- Conduct a database search and identify TWO clinical populations (e.g. people with acquired brain injuries, dementia, schizophrenia, or Multiple Sclerosis) that have been found to have impairments in prospective memory functioning.
- For each of the 2 populations, provide a reference for ONE article that investigates prospective memory in these populations i.e. you need to provide two (2) references, one for each clinical population.
- Using an example from your chosen career path (e.g. social work, oral health, physiotherapy, nutrition, etc), describe a memory failure that may commonly occur in your clients. In your response, indicate whether this memory failure is prospective or retrospective, and why this memory failure may act as a barrier in their treatment (50 words, 1 mark).
- Describe a strategy that could be used to help your client avoid having the same memory failure in the future, and how you would use this strategy with your clients. This may be an internal memory strategy or an external memory aid – the strategy should be specific and evidence-based, see your textbook or read the literature on memory aids and strategies when choosing your strategy (50 words, 1 mark).
- Explain why this strategy would help your client avoid memory failure in the future. In this response, you should use your knowledge from reading the textbook and the literature about memory processes to explain why this strategy facilitates cognitive processing in the memory task (150 words, 2.5 marks).
- Evaluate the effectiveness of this strategy in improving memory. In this response, use evidence from the literature to support your argument (i.e., what is the existing evidence for the effectiveness of this strategy?). You should also consider the limitations of this strategy (150 words, 4 marks).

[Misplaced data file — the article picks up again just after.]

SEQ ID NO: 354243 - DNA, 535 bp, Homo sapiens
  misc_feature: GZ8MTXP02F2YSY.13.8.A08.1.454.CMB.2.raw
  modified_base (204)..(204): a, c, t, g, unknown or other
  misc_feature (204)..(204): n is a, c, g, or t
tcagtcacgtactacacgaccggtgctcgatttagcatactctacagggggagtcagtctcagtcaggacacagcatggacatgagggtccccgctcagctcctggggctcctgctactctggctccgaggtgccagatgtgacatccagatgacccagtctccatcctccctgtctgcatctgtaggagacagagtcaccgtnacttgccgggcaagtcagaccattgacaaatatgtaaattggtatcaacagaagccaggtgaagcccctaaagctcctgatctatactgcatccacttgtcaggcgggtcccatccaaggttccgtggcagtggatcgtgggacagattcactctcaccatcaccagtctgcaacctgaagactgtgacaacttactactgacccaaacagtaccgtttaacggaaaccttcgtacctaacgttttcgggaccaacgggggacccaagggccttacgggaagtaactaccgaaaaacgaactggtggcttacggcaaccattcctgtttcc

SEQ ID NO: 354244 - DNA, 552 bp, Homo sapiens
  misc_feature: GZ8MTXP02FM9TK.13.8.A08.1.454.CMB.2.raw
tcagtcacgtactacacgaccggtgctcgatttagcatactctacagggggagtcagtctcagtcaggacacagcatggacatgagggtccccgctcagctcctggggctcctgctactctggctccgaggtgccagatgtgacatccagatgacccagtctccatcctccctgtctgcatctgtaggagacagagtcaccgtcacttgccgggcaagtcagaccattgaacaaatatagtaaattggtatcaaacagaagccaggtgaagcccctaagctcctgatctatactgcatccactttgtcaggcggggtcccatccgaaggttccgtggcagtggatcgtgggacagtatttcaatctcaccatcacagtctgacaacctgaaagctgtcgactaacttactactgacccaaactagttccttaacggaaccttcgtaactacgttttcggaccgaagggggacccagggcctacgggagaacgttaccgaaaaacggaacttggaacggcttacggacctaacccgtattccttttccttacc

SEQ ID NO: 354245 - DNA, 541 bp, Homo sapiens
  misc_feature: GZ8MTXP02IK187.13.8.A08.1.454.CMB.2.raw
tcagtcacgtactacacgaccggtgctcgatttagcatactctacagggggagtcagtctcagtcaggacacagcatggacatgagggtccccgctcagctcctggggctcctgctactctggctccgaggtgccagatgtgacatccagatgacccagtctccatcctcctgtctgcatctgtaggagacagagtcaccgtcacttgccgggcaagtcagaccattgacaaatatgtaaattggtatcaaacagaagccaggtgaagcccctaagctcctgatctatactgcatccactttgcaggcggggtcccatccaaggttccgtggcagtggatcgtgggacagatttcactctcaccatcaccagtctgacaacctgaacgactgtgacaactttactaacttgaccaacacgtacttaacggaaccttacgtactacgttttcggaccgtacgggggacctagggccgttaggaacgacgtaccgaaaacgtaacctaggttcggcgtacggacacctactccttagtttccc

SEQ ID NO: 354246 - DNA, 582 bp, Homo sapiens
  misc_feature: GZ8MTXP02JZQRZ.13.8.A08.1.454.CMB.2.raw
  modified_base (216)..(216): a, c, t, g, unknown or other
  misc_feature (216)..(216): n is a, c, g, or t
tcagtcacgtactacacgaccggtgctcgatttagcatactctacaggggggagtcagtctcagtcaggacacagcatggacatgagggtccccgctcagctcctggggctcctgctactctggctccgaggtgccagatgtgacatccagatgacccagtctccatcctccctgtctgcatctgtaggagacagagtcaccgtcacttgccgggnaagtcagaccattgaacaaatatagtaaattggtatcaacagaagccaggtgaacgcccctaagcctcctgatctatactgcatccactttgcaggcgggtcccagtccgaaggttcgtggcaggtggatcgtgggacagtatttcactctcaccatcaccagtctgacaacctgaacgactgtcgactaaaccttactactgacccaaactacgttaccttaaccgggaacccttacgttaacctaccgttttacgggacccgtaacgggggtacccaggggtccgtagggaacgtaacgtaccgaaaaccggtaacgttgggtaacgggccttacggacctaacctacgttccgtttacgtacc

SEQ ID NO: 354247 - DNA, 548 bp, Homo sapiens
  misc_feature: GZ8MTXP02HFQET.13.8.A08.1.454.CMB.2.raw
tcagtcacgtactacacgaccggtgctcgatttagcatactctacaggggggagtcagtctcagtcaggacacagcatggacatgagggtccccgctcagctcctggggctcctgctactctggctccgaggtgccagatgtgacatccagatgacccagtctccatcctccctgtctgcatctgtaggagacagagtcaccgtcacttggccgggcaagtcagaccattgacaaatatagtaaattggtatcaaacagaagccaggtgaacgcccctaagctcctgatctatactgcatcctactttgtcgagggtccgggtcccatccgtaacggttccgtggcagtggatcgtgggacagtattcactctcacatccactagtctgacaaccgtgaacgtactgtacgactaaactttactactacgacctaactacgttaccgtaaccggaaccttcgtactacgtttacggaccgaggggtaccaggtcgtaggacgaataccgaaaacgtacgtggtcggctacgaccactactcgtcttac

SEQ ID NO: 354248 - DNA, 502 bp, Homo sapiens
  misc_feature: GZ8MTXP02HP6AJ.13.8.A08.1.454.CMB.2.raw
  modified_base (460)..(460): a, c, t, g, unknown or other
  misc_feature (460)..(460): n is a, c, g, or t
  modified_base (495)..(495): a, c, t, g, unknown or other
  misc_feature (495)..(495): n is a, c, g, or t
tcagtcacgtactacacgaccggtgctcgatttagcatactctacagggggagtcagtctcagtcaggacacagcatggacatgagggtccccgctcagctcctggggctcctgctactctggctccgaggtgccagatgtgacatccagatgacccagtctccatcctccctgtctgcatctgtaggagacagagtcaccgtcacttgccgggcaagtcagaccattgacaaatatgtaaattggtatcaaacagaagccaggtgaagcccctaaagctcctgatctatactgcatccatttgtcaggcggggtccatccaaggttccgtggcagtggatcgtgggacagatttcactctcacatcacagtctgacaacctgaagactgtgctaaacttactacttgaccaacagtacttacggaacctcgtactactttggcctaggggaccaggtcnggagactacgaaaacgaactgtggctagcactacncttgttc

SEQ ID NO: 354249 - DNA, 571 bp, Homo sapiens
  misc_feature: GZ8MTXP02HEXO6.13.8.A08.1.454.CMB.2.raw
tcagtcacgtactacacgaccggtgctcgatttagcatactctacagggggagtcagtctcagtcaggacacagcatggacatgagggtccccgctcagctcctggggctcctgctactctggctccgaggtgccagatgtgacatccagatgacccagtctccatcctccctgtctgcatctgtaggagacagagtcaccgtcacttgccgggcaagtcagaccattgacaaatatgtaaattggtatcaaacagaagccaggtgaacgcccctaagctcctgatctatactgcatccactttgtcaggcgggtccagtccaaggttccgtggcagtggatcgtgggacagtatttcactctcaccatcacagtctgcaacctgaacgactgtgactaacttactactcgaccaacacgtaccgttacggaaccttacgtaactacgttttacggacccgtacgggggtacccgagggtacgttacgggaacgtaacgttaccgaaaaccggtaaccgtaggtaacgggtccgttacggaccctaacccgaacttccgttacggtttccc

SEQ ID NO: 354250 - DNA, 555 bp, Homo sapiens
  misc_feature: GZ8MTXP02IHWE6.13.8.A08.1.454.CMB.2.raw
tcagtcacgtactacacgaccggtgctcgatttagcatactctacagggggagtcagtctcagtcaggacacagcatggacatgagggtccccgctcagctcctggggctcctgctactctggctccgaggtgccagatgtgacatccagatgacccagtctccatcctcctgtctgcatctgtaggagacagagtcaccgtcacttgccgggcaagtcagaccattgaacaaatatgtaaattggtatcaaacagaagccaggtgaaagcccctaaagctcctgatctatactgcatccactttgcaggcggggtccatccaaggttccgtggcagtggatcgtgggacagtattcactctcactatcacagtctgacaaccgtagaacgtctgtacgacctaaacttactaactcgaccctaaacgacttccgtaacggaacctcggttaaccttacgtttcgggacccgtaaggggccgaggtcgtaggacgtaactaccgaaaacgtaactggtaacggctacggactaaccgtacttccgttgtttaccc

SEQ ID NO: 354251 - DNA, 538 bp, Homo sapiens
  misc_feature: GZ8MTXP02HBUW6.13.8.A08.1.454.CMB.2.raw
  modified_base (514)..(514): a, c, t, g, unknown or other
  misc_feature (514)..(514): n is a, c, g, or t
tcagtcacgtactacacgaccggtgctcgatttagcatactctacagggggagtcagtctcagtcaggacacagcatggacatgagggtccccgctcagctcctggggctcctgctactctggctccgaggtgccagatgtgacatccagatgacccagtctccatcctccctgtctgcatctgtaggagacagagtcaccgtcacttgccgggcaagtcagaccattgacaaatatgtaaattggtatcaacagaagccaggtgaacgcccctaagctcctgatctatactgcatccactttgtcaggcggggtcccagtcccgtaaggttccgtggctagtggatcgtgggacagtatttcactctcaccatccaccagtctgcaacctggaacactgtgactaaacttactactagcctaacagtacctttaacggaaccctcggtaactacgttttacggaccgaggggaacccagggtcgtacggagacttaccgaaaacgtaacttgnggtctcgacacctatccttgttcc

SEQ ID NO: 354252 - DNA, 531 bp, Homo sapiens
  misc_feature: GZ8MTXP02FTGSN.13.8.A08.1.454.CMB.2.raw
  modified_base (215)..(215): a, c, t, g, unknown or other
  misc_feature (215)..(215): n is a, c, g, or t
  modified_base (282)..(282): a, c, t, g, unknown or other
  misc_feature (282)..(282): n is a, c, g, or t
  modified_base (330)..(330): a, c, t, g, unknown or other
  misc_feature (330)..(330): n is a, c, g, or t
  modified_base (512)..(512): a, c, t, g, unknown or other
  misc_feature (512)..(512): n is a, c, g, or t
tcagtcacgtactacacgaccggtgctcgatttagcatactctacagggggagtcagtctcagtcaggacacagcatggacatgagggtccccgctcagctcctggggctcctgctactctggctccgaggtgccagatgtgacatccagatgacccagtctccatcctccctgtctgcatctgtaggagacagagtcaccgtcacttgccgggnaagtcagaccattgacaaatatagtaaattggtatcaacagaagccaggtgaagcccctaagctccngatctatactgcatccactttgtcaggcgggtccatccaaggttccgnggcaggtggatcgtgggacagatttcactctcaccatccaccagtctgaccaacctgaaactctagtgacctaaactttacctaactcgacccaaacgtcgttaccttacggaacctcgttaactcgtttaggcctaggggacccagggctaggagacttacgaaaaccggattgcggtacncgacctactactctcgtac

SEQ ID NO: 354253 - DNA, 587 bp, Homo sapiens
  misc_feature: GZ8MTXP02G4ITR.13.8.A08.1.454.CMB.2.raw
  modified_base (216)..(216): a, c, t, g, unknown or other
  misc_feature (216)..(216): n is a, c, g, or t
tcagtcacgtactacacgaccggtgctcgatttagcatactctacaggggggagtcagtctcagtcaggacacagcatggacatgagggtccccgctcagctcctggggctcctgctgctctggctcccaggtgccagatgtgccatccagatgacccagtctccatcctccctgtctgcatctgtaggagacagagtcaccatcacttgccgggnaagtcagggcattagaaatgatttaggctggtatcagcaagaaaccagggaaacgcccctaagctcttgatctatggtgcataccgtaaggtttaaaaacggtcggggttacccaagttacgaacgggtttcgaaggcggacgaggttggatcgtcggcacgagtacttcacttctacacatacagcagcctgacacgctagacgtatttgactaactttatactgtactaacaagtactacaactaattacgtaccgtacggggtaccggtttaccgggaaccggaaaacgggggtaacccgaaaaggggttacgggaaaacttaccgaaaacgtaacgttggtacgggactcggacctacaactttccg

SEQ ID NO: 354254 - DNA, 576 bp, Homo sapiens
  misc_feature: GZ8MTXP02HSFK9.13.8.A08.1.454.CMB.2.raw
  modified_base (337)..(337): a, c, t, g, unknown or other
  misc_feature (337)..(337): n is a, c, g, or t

EXERCISE 2: PSYCHOLOGICAL DISORDERS AND TREATMENTS
Choose ONE (1) of the following case studies (at the end of this exercise). Write which case study you have chosen (e.g. Case study #1, John). (Required but no marks)
TASK 2 (200 words)
Identify the psychological disorder in your chosen case study (use the proper name for the disorder as per the DSM-5 and be specific e.g. Social Anxiety Disorder not just Anxiety) and provide a rationale on how you identified this disorder using the diagnostic criteria, including key symptoms. (4 marks)
TASK 3 (300 words)
It is common for psychologists to use a combination of therapies in treating an individual patient. Based on your diagnosis of the disorder in TASK 2 (above), choose a combination of TWO (2) therapies that you believe would be the most effective for treating the disorder you have identified in the case study. In your response, you should provide a justification for:
- why these two (2) therapeutic approaches would be effective based on evidence from the literature (that is, why are the techniques used within each of these therapeutic approaches suitable for this patient), and